And that brings us to my own most secret of secret comedy shame: Houseguest with Sinbad! Sinbad was a comedian whose standup was as clean and family friendly as you could find in the mid-90s. It was only one of two films (the other being First Kid) that he received top billing. He is best known for his role as the coach in the Bill Cosby produced sitcom, A Different World and his own short-lived series, The Sinbad Show.

Houseguest featured 1990’s comedian Sinbad in one of only two films for which he received top billing, the other being 1996’s First Kid.

This is the one film of the lot that has truly been forgotten. It has no cult following like Billy Madison, Major Payne or Tommy Boy, not even the distinction of a zero percent tomato score like Jury Duty. Houseguest boasts a score of 14%, but it did churn a decent profit, making $26 million during its movie release dumping ground known as the month of January.

I know of only one person that has seen Houseguest. I dragged that person with me to the theater just so I could share with him the awesomeness that was Sinbad. Yes, I saw this movie twice on the big screen and even a third time when it was released on home video. I saw in Houseguest what I failed to see in those other films. And like those fans, I would defend it against any sort of petty judgment. To me it was a lustrous stone straight out of the mediocrity of meh.

In preparation for this piece, I watched it for the first time in twenty-five years. There is nothing special or revelatory about the film. I saw nothing that reflected the sense of humor I have today. I can’t even say that I enjoyed it half as much as I did when I originally saw it. Still, it made me laugh.

Houseguest features a rather flimsy and well-worn plot device where a con artist hides from the Mob by hiding in an unusual place (Think Sister Act in the suburbs).

So, here we are. Houseguest.

This movie is stupid. It is so stupid. And I admire it for that.

The story is that of Kevin Franklin (Sinbad), a man with a debt and on the run from the mob. While on the run he assumes the identity of Dr. Derek Bond and inserts himself into the lives of the Young family. The film wastes no time setting this up, taking only 20 minutes of its 2-hour running time. The plot is merely an excuse to let Sinbad’s comedy shenanigans ensue.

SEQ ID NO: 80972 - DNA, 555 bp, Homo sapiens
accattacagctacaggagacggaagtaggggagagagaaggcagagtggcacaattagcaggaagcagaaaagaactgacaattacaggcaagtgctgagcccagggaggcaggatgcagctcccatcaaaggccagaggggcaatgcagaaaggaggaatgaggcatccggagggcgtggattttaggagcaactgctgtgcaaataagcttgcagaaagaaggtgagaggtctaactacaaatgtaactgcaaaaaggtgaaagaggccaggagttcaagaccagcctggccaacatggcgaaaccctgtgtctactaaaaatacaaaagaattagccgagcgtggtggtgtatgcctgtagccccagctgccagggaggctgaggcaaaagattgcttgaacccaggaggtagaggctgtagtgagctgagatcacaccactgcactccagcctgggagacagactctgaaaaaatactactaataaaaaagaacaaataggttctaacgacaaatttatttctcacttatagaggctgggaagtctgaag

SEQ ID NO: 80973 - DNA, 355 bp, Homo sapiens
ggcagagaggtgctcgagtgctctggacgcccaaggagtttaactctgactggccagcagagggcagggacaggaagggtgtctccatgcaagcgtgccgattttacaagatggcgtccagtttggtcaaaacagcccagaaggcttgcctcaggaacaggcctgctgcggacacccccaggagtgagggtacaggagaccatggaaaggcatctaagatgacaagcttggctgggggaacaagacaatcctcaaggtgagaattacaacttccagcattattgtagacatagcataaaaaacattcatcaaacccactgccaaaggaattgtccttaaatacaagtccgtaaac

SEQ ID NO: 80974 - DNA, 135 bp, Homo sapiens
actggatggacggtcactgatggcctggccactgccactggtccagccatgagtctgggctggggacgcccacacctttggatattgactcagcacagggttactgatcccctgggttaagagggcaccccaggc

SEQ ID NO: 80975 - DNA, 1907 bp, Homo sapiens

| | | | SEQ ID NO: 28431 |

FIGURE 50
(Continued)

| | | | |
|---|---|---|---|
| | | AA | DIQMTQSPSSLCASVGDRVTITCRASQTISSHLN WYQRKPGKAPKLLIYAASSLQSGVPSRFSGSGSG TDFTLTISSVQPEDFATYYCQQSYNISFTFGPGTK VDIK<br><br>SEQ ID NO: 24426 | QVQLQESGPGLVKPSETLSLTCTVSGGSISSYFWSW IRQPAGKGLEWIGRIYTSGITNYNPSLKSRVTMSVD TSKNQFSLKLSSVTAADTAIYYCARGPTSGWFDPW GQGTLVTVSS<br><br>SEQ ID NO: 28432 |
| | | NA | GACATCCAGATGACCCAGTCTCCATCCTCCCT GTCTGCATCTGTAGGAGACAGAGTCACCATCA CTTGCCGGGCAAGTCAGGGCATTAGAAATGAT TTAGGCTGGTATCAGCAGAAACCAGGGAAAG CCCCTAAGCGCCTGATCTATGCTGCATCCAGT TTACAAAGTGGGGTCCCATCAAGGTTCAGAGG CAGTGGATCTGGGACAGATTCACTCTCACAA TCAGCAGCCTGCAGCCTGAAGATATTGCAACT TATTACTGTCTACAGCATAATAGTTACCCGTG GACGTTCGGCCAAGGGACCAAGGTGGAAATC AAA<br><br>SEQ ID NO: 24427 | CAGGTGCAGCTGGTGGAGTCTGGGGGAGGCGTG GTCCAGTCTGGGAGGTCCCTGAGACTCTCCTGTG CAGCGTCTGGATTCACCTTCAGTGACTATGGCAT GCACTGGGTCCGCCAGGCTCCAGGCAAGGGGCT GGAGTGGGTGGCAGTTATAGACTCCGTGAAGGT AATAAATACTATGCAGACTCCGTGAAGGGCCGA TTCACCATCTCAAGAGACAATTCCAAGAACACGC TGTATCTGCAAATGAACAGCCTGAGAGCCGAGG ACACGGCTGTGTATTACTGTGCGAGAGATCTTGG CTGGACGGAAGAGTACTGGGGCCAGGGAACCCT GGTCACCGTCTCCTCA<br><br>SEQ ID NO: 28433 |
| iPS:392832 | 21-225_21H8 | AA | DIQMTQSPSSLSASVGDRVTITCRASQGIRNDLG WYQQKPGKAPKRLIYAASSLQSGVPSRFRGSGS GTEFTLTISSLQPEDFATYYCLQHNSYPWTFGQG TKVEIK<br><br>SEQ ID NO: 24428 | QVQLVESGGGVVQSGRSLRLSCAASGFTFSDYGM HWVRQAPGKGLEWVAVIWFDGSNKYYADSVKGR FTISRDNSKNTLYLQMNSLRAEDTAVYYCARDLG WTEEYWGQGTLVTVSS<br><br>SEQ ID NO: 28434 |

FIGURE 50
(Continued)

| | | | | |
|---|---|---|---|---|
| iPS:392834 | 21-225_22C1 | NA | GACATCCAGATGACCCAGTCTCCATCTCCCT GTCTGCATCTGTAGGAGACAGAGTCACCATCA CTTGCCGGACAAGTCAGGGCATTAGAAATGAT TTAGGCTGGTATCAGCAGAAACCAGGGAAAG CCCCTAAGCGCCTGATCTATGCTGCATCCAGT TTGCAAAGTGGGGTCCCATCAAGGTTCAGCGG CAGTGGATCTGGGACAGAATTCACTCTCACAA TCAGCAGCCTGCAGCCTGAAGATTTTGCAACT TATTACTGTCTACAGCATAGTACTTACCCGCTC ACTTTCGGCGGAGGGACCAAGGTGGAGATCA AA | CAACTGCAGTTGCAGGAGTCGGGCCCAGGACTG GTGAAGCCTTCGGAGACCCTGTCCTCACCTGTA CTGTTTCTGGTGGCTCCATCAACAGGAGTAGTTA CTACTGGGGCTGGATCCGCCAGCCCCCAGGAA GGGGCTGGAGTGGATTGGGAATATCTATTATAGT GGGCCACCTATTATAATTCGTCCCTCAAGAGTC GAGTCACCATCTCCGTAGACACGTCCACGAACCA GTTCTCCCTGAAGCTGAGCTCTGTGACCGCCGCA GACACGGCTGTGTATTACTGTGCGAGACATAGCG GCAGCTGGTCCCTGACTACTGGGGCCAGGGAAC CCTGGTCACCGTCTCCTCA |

Director Randall Miller keeps things moving as quick and kinetic as possible. He gets as much mileage as he can out of a paper-thin concept and that is part of the movie’s charm. Almost everything that happens in this movie is shown with the utmost of glee and as if the filmmakers believed it had never been done before.

We see so many clichés in this film that it becomes a running joke for how often it likes to double-down, sometimes triple-down, on itself. We are treated to roughly five scenes of mad-cap driving insanity. Random celebrity names are called out on several occasions to create a diversion, “Denzel!” A couple of scenes are fast-forwarded in chipmunk time. The McDonald’s Big Mac makes no more than four cameo appearances and includes a ceremonious visit to the golden arches!

Houseguest also co-stars beloved ex-SNL comedian Phil Hartman as well as the criminally under utilized Kim Greist best known for her work on Manhunter and Throw Momma From The Train.

This is the kind of movie that attempts to distinguish the difference between a movie dance party and a dance break in a movie. There’s a clothes montage. A hamster is mistaken for a rat. Foreign languages are pretended to be known. There is a scene where too much Novocain is applied. A group of nuns make an appearance and a wine tasting critic is aroused by the smell of his own nose.

And most of it worked for me. Sinbad has an effortless, genial charm, never condescending to the material. He is supported by the most beloved of all SNL veterans, the late Phil Hartman. The editing ratchets up the comedic tension by being quicker and snappier than a Michael Bay production. I appreciated that the cinematographer took the time to show off with his sweeping camera moves.

I tried to find a film snippet to accompany this post, but little could be found online and the few scenes discovered were of poor quality. No trailer, either. Even Jury Duty got a trailer. Sometimes hidden treasures get no respect.

Snack: lettuce. Beverage: milk.

⭐ For more information on where to Buy, Rent, or Stream Houseguest, click here for the Houseguest JustWatch page.

Movie clip of the “Career Day Scene” from the 1995 film Houseguest starring Sinbad, Phil Hartman and Kim Greist.